Hololens

I was lucky enough to have Wi-Fi and get registered fast enough to participate in a 1 on 1 experience with the HoloLens while at the Microsoft Build Conference in April 2015. This is a recalling of my experience and some opinions I have about the device after getting a chance to play with it.

Experience
I get the email that I was selected for a 1 on 1 demo while sitting in "The Lesser Scott's" session on Azure app service architecture. I have to leave the session to make it to my arrival time. I walk over to the hotel next to the Moscone Center and I am met in the lobby by a bunch of people wearing Microsoft HoloLens shirts. I check in and we have to wait for your turn in up the elevator. I start talking with some of the other guys in the other group, after I get my special elevator pass. It is our turn, so we pack in the elevator and ride up. We are met by our experience ambassador and go through another check in where we get a HoloLens shirt. Then we are ushered into a room with lockers, where we are told to put all our stuff in there including cameras or other recording devices. We then go to another room and we get a small intro and they measure the distance between pupils for each person and write it on a card. Our experience ambassador then takes us into the hallway and then into our individual rooms for the official demo.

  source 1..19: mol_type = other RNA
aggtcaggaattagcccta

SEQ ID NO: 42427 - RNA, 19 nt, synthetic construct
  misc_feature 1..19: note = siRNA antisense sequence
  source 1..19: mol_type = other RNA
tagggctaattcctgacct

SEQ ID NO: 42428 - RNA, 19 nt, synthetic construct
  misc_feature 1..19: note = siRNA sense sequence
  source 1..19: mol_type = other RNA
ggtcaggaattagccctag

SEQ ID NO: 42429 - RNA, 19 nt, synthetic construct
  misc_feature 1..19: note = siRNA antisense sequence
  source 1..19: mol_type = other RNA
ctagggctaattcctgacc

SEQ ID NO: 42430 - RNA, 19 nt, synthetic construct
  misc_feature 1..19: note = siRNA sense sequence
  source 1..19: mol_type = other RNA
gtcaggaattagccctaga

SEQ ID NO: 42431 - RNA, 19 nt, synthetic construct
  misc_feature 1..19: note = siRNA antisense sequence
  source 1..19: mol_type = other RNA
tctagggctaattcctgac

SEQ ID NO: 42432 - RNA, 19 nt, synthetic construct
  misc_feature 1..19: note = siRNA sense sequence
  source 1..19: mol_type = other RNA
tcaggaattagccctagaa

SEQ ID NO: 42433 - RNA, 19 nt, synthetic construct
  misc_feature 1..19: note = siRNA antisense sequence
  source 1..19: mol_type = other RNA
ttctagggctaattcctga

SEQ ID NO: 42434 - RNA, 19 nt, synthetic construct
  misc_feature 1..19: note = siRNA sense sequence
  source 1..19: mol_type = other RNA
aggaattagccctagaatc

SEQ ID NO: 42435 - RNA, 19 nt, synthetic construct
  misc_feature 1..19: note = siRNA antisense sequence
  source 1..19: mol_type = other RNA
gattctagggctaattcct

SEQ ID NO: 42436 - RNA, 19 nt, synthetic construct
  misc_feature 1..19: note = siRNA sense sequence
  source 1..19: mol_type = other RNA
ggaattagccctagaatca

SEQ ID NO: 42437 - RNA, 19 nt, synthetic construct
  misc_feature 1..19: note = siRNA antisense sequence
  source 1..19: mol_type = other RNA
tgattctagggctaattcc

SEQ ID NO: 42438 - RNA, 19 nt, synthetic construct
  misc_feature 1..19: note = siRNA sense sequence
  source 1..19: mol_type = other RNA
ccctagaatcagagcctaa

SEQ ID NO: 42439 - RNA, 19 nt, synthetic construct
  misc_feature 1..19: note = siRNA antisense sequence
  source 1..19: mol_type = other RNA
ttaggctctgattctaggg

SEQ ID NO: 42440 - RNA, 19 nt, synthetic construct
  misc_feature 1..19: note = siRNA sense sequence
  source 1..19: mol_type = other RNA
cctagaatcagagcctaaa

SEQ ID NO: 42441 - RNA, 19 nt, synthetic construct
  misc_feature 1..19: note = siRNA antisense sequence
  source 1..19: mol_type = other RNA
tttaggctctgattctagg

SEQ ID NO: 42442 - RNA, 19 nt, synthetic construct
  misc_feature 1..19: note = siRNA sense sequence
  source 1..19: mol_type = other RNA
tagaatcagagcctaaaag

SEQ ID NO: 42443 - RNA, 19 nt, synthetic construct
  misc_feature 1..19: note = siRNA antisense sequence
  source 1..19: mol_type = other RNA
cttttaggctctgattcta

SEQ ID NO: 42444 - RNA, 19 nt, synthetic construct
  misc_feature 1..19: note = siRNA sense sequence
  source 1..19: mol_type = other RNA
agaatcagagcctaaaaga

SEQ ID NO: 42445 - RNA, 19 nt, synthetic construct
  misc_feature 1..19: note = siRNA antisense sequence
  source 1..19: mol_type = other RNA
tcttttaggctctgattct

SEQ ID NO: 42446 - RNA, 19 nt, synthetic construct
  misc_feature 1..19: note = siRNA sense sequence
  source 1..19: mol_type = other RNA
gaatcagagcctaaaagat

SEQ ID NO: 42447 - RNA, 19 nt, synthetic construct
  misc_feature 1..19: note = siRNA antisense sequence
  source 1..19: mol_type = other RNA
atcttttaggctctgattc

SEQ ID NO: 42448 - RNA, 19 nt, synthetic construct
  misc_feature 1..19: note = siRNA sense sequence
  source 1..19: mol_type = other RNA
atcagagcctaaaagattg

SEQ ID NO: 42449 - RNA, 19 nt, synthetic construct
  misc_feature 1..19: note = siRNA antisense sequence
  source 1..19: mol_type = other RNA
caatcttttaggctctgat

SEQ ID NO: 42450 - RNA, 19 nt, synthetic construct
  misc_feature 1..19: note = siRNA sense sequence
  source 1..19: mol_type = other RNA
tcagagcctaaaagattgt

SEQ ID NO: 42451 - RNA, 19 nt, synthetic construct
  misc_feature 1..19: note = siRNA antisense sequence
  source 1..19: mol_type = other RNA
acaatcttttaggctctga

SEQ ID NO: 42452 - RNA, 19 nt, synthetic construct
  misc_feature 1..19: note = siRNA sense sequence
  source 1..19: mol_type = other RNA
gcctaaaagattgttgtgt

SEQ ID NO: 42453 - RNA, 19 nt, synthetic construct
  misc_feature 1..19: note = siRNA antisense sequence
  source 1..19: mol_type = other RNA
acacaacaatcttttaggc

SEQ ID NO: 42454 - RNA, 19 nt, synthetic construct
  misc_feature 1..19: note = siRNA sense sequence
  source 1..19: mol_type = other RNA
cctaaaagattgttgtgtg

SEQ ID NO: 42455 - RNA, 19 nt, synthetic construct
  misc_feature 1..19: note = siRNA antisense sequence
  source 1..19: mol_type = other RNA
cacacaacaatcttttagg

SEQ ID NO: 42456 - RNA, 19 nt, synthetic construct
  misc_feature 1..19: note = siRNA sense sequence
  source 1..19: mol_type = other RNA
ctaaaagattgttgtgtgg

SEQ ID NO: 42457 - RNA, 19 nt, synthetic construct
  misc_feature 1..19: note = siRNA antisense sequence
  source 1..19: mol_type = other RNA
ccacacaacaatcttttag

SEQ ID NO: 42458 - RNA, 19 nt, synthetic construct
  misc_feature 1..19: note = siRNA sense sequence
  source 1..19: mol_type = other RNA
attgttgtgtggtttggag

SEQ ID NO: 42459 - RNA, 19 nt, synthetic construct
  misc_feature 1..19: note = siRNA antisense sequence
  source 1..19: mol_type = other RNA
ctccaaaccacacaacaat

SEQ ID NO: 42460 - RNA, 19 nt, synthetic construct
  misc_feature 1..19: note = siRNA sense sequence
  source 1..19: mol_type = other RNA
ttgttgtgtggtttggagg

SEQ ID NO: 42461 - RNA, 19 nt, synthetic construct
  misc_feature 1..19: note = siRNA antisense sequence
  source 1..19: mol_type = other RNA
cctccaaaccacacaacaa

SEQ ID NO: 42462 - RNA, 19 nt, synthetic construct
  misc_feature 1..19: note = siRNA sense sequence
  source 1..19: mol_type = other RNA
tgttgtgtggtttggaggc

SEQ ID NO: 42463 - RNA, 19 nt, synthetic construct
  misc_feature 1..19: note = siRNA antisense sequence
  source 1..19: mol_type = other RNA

The Demo
I had the architecture demo and after talking with some of the other participants there were a few others that included painting and drawing. Once in the room you are greeted by a guide and then there is also a tech guy in the corner standing by a computer. They put the glasses on and the tech guy set up the HoloLens with my eye distance. They turn the HoloLens on and then do a little calibration with a blue box. I had a few issue seeing the entire blue box but we adjusted the height and I was good to go.
I am directed over to the computer to start messing with the 3D model. I look at the hologram in the middle of the model and it looks amazing. It is sharp, clear and almost seems real. I use the mouse to manipulate the model on computer and watch as the model changes on the table. It is a simple raising the roof higher or lower. The guide then directs me to move the mouse over to the model off the computer screen. The mouse is floating in the air and it was the weirdest feeling.
I then repeated the same maneuver raising the roof up or down and the hologram moves in real time. The guide then directs me to click on this little human icon at a specific point in the model. It then put me in picture mode, where I could look around the city where the hologram building was going. Then the guide changed the skin of the model so you could visualize how it will look in the city.